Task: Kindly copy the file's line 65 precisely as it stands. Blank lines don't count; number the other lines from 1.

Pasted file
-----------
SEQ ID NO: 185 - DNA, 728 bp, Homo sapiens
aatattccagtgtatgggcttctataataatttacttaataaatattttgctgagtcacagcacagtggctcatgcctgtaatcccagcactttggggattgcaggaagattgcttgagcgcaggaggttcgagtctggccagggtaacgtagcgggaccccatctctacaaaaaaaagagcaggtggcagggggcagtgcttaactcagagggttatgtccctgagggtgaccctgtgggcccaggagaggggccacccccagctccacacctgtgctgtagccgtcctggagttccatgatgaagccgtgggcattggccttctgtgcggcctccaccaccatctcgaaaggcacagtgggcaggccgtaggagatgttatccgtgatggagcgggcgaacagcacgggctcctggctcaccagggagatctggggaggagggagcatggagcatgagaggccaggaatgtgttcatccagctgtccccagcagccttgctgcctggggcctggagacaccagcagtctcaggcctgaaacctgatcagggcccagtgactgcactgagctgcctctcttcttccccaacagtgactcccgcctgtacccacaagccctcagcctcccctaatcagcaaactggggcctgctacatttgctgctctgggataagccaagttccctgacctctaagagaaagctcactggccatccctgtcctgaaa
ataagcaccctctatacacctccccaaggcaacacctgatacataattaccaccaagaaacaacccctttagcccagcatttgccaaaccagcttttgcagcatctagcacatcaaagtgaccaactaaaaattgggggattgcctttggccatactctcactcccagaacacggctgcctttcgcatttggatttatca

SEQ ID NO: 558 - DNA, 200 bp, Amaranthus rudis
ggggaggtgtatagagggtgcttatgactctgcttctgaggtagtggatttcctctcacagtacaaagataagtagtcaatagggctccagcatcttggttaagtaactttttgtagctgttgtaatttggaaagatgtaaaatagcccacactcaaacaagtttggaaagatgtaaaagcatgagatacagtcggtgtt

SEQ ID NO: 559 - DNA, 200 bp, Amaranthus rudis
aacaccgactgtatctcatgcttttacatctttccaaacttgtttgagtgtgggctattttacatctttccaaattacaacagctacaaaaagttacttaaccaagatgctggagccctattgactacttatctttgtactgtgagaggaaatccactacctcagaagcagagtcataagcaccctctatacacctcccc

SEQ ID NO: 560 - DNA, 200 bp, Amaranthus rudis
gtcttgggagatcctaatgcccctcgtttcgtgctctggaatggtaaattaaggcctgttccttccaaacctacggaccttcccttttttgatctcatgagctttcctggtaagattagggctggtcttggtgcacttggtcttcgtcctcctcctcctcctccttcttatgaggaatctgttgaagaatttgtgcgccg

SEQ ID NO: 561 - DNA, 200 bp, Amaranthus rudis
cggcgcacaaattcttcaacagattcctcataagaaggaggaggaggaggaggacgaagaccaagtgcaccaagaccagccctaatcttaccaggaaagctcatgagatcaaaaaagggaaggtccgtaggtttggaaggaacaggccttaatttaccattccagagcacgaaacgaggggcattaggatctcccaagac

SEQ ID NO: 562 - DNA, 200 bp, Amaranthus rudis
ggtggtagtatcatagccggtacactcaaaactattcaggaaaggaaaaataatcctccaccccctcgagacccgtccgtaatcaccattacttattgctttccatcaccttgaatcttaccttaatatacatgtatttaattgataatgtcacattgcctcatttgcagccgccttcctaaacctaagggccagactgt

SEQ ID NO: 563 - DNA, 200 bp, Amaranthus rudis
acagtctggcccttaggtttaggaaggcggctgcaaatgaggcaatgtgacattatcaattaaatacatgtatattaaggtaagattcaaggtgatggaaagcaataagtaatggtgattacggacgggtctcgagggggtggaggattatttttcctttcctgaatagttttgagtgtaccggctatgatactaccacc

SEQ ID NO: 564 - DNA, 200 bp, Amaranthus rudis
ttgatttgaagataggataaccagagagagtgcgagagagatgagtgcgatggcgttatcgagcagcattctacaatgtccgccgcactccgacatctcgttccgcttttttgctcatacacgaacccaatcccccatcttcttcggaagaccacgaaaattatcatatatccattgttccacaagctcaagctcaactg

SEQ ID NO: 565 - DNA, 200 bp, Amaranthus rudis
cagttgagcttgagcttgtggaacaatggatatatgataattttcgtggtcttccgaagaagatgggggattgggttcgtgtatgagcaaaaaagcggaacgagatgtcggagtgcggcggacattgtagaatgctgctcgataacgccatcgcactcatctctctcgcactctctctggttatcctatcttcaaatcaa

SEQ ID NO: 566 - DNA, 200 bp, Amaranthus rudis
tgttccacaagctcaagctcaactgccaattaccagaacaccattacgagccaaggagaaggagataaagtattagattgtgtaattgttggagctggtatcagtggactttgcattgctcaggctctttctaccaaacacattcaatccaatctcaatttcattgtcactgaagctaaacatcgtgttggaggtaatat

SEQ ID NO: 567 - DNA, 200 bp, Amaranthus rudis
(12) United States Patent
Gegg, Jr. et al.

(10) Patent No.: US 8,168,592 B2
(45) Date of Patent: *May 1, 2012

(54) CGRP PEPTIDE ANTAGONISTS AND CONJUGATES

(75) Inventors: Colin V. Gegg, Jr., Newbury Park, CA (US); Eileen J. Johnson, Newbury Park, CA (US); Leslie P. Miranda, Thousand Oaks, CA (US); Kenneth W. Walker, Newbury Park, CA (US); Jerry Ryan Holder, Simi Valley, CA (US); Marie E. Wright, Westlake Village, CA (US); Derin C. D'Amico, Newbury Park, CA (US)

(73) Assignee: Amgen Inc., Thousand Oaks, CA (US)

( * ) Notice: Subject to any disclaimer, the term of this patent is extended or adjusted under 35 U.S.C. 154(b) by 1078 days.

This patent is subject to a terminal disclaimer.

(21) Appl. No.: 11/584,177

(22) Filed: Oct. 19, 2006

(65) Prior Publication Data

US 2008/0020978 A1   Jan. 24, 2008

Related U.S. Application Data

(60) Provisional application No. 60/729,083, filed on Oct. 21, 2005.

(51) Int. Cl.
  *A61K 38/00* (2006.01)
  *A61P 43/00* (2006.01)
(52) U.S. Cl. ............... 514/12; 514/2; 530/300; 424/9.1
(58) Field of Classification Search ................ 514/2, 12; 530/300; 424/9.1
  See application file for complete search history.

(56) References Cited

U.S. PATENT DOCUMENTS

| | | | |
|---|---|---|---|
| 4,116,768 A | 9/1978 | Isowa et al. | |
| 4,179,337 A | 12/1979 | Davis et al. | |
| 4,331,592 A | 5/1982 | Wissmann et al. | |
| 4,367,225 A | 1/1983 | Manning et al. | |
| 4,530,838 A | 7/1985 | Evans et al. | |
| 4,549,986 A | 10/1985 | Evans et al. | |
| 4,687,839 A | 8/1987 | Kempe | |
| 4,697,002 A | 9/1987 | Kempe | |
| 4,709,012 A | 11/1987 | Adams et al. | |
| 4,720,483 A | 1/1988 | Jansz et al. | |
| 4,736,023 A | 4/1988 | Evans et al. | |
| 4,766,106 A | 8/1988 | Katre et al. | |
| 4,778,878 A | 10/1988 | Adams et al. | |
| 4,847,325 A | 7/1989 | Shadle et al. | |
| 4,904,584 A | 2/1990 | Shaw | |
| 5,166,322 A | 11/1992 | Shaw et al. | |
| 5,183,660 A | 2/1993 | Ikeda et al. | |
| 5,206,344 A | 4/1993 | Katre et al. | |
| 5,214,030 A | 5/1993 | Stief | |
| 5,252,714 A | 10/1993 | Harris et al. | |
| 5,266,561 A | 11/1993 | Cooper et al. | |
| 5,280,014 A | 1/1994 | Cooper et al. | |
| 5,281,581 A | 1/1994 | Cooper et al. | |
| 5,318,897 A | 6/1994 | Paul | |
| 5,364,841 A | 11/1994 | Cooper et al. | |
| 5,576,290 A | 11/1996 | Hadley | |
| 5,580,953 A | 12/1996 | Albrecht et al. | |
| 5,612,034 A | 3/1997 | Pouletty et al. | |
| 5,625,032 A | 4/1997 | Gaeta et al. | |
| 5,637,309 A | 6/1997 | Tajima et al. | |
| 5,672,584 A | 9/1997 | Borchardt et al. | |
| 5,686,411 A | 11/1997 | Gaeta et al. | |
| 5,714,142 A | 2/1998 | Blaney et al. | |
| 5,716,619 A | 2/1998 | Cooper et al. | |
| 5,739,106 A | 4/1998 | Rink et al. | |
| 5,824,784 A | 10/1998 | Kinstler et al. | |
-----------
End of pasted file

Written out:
| 5,206,344 A | 4/1993 | Katre et al. | |